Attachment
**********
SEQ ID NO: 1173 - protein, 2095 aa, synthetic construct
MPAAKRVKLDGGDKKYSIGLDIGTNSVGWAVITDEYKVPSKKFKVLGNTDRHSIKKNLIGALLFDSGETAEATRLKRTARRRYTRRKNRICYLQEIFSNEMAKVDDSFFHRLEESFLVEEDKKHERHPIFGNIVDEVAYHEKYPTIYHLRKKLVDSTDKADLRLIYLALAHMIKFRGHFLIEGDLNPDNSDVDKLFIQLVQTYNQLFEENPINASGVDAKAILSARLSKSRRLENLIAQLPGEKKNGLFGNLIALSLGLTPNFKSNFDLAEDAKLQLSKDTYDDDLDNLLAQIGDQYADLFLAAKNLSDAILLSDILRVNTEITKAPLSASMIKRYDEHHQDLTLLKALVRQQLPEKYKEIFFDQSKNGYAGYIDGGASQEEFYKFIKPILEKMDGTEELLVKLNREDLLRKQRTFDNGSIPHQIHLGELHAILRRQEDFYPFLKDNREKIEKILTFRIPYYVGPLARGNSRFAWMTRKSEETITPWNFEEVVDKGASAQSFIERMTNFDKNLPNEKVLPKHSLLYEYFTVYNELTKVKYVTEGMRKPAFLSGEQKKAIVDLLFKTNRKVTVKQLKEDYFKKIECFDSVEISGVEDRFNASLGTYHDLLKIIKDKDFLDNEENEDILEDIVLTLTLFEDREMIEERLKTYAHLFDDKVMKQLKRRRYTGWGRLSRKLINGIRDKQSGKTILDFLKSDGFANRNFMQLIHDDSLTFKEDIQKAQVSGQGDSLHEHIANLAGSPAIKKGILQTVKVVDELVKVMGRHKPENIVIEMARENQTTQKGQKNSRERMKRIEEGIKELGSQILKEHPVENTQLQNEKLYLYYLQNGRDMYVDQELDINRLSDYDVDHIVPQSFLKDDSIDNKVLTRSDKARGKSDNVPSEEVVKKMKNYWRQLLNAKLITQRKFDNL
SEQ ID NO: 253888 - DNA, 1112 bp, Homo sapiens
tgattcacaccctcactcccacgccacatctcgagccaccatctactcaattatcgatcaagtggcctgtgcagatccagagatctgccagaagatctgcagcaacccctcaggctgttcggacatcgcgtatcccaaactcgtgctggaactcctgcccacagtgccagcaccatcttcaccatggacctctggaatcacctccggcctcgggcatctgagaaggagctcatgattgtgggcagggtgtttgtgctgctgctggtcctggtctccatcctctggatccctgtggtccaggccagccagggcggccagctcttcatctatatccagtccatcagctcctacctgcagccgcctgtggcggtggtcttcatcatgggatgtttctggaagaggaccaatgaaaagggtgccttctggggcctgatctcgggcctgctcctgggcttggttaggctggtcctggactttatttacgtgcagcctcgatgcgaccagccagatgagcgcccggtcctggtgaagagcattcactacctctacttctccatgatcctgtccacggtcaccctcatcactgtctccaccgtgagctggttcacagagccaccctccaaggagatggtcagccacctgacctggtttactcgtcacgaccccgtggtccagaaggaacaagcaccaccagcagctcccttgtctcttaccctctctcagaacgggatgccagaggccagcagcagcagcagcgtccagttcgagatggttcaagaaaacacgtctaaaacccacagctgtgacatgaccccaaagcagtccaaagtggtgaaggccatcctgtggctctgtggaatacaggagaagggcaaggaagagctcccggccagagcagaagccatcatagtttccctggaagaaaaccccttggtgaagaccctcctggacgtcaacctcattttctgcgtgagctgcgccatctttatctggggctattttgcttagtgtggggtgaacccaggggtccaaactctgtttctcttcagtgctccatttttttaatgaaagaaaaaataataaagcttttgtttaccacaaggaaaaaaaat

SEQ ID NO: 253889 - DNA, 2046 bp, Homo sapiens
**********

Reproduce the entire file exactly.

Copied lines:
SEQ ID NO: 1173 - protein, 2095 aa, synthetic construct
MPAAKRVKLDGGDKKYSIGLDIGTNSVGWAVITDEYKVPSKKFKVLGNTDRHSIKKNLIGALLFDSGETAEATRLKRTARRRYTRRKNRICYLQEIFSNEMAKVDDSFFHRLEESFLVEEDKKHERHPIFGNIVDEVAYHEKYPTIYHLRKKLVDSTDKADLRLIYLALAHMIKFRGHFLIEGDLNPDNSDVDKLFIQLVQTYNQLFEENPINASGVDAKAILSARLSKSRRLENLIAQLPGEKKNGLFGNLIALSLGLTPNFKSNFDLAEDAKLQLSKDTYDDDLDNLLAQIGDQYADLFLAAKNLSDAILLSDILRVNTEITKAPLSASMIKRYDEHHQDLTLLKALVRQQLPEKYKEIFFDQSKNGYAGYIDGGASQEEFYKFIKPILEKMDGTEELLVKLNREDLLRKQRTFDNGSIPHQIHLGELHAILRRQEDFYPFLKDNREKIEKILTFRIPYYVGPLARGNSRFAWMTRKSEETITPWNFEEVVDKGASAQSFIERMTNFDKNLPNEKVLPKHSLLYEYFTVYNELTKVKYVTEGMRKPAFLSGEQKKAIVDLLFKTNRKVTVKQLKEDYFKKIECFDSVEISGVEDRFNASLGTYHDLLKIIKDKDFLDNEENEDILEDIVLTLTLFEDREMIEERLKTYAHLFDDKVMKQLKRRRYTGWGRLSRKLINGIRDKQSGKTILDFLKSDGFANRNFMQLIHDDSLTFKEDIQKAQVSGQGDSLHEHIANLAGSPAIKKGILQTVKVVDELVKVMGRHKPENIVIEMARENQTTQKGQKNSRERMKRIEEGIKELGSQILKEHPVENTQLQNEKLYLYYLQNGRDMYVDQELDINRLSDYDVDHIVPQSFLKDDSIDNKVLTRSDKARGKSDNVPSEEVVKKMKNYWRQLLNAKLITQRKFDNL
SEQ ID NO: 253888 - DNA, 1112 bp, Homo sapiens
tgattcacaccctcactcccacgccacatctcgagccaccatctactcaattatcgatcaagtggcctgtgcagatccagagatctgccagaagatctgcagcaacccctcaggctgttcggacatcgcgtatcccaaactcgtgctggaactcctgcccacagtgccagcaccatcttcaccatggacctctggaatcacctccggcctcgggcatctgagaaggagctcatgattgtgggcagggtgtttgtgctgctgctggtcctggtctccatcctctggatccctgtggtccaggccagccagggcggccagctcttcatctatatccagtccatcagctcctacctgcagccgcctgtggcggtggtcttcatcatgggatgtttctggaagaggaccaatgaaaagggtgccttctggggcctgatctcgggcctgctcctgggcttggttaggctggtcctggactttatttacgtgcagcctcgatgcgaccagccagatgagcgcccggtcctggtgaagagcattcactacctctacttctccatgatcctgtccacggtcaccctcatcactgtctccaccgtgagctggttcacagagccaccctccaaggagatggtcagccacctgacctggtttactcgtcacgaccccgtggtccagaaggaacaagcaccaccagcagctcccttgtctcttaccctctctcagaacgggatgccagaggccagcagcagcagcagcgtccagttcgagatggttcaagaaaacacgtctaaaacccacagctgtgacatgaccccaaagcagtccaaagtggtgaaggccatcctgtggctctgtggaatacaggagaagggcaaggaagagctcccggccagagcagaagccatcatagtttccctggaagaaaaccccttggtgaagaccctcctggacgtcaacctcattttctgcgtgagctgcgccatctttatctggggctattttgcttagtgtggggtgaacccaggggtccaaactctgtttctcttcagtgctccatttttttaatgaaagaaaaaataataaagcttttgtttaccacaaggaaaaaaaat

SEQ ID NO: 253889 - DNA, 2046 bp, Homo sapiens